Monday, August 10, 2020

The Freedom to Think is the Most Fundamental Freedom

I once taught a girl named Laura who would sit with the rest of us on the rug during circle time, but when she spoke, she popped to her feet to pace back and forth. She had fresh, thoughtful contributions to make to our group discussions, but clearly needed to move as she said them. She did this when she was two, then three, then four, then five. This was a cooperative preschool, which meant her mother was often in class with us. At first, her mother tried to persuade Laura to conform, but I asked her to back off, so no one told Laura not to pace as she talked.

Naturally, some of the other kids tried it out. Indeed, we went through a spell during which it was a fad. Whenever someone spoke at circle time, they did so on their feet in imitation of Laura. But for most of her three years at Woodland Park, she was a lone pacer, a habit that was not remarked upon one way or another. It was just what Laura did when she had something important to say.

Then she went to kindergarten where she was made to sit at her desk. A few weeks into the school year, Laura's mother wrote me, asking for advice. It seemed that Laura had gone mute at school. Her teachers thought there was something wrong with her. She sometimes spoke on the playground as she played, but never indoors and rarely to adults. I reminded Laura's mother about the pacing. "I thought of that," she said, "but her teacher won't let her stand up during desk time." Apparently, the teacher was afraid that if she accommodated Laura, she would have to let all the kids pace around, and that, in her mind, represented chaos. I other words, she knew that at least some of the children would benefit from moving around as they learned, but classroom management was more important than learning.

Most young children, most of the time, don't have much say in their lives. This isn't a good feeling. No one likes to feel powerless. I wouldn't put myself in a preschooler's shoes for anything. I would hate having someone dictate when I go to bed and when I wake up. I would bridle at being told what to eat, what to wear, and how I'm going to be spending my days. I would rebel against being forced to go places I didn't want to go, especially if I was made to go there every day, like a job I couldn't quit, and be made to do things I found meaningless, tedious, or plain old stupid. I would cry if I were confined indoors on a sunny day, or made to ask permission to even use the toilet.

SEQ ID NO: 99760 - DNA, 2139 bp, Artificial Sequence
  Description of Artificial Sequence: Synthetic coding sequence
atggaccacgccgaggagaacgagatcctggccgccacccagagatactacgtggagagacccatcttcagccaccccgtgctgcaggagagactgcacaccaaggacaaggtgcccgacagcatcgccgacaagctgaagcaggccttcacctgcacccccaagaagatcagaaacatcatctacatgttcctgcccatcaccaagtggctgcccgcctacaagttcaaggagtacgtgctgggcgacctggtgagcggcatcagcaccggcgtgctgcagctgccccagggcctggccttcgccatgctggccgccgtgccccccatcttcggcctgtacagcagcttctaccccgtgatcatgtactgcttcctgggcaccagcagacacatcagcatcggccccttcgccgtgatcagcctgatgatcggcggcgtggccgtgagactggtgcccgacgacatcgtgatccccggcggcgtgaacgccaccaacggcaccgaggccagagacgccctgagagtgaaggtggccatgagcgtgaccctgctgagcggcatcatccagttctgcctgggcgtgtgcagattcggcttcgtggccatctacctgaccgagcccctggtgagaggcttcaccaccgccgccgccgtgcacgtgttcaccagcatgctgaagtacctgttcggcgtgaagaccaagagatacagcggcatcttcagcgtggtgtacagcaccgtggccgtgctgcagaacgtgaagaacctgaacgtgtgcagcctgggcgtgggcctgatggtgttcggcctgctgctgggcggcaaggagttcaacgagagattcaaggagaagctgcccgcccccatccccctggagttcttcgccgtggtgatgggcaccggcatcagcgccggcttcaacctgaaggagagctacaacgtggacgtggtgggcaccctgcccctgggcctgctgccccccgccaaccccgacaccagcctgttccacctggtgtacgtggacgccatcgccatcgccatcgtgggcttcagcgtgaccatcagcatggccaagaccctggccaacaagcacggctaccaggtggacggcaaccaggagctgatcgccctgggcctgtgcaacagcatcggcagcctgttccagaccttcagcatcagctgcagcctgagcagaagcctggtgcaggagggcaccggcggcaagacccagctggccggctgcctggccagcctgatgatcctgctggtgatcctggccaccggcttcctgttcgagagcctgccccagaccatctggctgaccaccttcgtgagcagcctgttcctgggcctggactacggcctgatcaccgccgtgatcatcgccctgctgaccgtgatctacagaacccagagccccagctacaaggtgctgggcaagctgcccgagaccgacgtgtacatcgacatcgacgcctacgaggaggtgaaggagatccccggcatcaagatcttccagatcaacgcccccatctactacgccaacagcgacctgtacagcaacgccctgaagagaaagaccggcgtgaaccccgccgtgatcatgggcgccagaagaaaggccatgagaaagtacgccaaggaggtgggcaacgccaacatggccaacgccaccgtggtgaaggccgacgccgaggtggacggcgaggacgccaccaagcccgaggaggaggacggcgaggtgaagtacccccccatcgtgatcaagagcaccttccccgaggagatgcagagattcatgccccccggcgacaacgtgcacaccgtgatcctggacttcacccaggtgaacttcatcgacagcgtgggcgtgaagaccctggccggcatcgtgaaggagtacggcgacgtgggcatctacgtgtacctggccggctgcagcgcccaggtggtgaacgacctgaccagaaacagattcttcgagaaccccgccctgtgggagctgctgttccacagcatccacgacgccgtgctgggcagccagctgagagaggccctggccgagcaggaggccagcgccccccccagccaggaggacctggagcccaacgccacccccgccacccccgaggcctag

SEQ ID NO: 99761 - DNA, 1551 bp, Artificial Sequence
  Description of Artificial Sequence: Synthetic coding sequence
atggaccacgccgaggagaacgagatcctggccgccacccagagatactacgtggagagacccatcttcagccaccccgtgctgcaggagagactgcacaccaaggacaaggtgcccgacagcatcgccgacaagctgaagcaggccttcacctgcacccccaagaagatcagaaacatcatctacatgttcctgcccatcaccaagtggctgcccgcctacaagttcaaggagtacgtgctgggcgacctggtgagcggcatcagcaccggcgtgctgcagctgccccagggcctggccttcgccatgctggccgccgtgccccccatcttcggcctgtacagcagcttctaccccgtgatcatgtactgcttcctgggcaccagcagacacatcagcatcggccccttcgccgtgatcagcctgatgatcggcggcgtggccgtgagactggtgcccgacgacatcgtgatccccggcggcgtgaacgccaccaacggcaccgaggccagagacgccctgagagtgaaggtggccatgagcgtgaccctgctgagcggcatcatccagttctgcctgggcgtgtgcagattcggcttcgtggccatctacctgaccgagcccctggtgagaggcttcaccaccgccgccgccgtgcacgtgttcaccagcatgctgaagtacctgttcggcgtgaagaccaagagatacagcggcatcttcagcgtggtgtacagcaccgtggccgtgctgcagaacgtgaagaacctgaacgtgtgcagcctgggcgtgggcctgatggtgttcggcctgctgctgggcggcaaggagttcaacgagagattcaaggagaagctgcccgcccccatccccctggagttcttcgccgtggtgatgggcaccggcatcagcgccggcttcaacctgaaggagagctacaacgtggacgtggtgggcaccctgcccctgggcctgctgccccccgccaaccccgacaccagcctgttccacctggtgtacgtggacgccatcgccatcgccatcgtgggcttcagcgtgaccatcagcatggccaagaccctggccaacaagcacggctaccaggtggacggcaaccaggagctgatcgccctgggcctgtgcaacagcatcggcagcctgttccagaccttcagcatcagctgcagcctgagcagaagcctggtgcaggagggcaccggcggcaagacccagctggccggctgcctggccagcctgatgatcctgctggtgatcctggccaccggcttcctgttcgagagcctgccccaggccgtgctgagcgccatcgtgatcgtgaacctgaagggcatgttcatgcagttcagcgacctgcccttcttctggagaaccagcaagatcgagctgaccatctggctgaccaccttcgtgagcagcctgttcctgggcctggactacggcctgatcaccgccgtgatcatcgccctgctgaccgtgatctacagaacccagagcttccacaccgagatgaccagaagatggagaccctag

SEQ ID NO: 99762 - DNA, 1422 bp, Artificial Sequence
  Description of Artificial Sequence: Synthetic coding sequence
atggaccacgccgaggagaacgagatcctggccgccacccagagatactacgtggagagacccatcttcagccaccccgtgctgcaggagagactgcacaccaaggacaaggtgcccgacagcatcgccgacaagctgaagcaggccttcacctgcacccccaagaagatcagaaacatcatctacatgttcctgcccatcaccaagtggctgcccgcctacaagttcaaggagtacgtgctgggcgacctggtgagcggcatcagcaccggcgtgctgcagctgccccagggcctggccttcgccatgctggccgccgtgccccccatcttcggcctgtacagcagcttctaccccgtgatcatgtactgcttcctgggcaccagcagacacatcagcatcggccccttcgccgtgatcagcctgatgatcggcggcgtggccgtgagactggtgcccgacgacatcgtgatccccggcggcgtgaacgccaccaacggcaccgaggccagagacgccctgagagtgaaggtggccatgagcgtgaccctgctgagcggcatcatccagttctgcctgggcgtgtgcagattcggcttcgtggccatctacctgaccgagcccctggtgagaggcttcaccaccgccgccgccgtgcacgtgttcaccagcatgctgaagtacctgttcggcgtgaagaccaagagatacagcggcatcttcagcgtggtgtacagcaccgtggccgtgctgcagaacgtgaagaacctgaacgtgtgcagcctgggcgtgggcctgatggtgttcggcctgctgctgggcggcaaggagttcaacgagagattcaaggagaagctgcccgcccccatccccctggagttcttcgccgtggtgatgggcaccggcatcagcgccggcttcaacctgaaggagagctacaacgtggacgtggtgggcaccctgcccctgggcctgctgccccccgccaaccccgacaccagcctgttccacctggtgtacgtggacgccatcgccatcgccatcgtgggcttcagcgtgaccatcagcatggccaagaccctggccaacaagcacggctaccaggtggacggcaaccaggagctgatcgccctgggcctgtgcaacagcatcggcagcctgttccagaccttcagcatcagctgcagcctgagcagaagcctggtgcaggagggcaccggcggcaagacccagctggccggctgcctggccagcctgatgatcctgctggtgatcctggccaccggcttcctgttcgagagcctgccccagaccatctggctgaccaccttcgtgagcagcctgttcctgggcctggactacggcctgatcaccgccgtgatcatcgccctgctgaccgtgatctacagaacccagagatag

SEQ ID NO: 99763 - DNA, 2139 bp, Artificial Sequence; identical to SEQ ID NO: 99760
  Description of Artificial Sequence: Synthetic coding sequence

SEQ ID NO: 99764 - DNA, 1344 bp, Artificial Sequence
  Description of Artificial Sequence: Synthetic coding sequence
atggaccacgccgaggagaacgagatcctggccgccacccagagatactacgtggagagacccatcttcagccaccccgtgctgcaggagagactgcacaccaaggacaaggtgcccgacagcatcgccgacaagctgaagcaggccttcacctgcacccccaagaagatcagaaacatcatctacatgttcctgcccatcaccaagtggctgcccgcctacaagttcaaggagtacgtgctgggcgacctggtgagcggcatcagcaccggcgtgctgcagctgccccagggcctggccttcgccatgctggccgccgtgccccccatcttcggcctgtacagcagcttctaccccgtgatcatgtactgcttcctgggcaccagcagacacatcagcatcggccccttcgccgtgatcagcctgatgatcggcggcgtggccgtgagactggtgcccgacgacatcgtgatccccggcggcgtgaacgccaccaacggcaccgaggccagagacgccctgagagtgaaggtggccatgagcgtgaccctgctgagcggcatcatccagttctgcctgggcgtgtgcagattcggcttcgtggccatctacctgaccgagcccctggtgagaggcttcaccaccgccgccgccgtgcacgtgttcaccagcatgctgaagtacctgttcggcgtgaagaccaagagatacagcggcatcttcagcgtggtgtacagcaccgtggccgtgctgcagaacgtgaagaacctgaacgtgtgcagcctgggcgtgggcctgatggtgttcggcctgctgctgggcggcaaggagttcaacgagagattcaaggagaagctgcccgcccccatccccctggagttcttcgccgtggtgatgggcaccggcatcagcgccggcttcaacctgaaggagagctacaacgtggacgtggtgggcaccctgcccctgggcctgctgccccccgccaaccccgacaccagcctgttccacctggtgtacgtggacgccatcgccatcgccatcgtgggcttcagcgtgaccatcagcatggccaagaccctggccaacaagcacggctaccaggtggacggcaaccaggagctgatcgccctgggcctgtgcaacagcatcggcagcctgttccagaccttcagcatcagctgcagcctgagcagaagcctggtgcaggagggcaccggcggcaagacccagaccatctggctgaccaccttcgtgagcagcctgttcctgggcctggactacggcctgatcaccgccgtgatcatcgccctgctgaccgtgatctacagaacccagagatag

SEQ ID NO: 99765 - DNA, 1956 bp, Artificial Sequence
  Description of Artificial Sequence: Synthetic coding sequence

Of course, I'm looking at this through the filter of having been an an adult for four decades, but that doesn't mean that children don't crave control over their own lives. Why do you think it is that so many parenting battles are over things like bed time, food, and toileting? These are things over which children do have control. You can't make another person sleep. You can't make another person eat. And you can't make another person poop. Exhaustion, hunger, and tummy aches are the prices many children are willing to pay for even these small, small scraps of freedom. In their way, they are freedom fighters.

Adults have power over children. Most of us wield it benevolently, although we can all be dictators at times and we know, sadly, that there are far too many children living under the thumbs of adult tyrants. But no matter how gentle we are, our young children don't have a great deal of say in their own lives. This, more than anything else is why I value play-based education. Yes, it lays the foundation for future learning, it grows the brain, it is how humans have evolved to educate themselves, and there is mountains of research conducted over centuries to support this, but from where I sit, all of that is secondary when set beside freedom.

Of all the freedoms we have, the freedom to think is the most fundamental, yet for most children, school is a place where they are told not just what to think about, but when they are to think about it, and also how they are to think about it. Original thoughts are wrong answers. They are punished when they rebel. 

Laura is not the first child to discover that school traditionally sets classroom management above thinking. Compliance comes first. Thinking, which is what we call the process of learning, is discouraged in favor of sitting quietly. When children are free to learn, it's always the thinking that comes first.

It's been a few years since I've spoken with her mother, but last I heard, as a third grader, Laura had finally started to figure out how to think, speak, and sit simultaneously. She was a "pretty good student," according to her mother, but, "she hates every minute of it." Laura still remembered preschool, however. "It was a golden era," her mother said. It's not the first time I'd heard that. And Laura is far from the first child who has learned to hate school.

Thinking and learning is what we naturally do with freedom. We are driven to it. It brings us joy. I see it in every child, every day, as they play together in preschool. Without the freedom to pace, the freedom to think, what kind of education is it? What's wrong with us?


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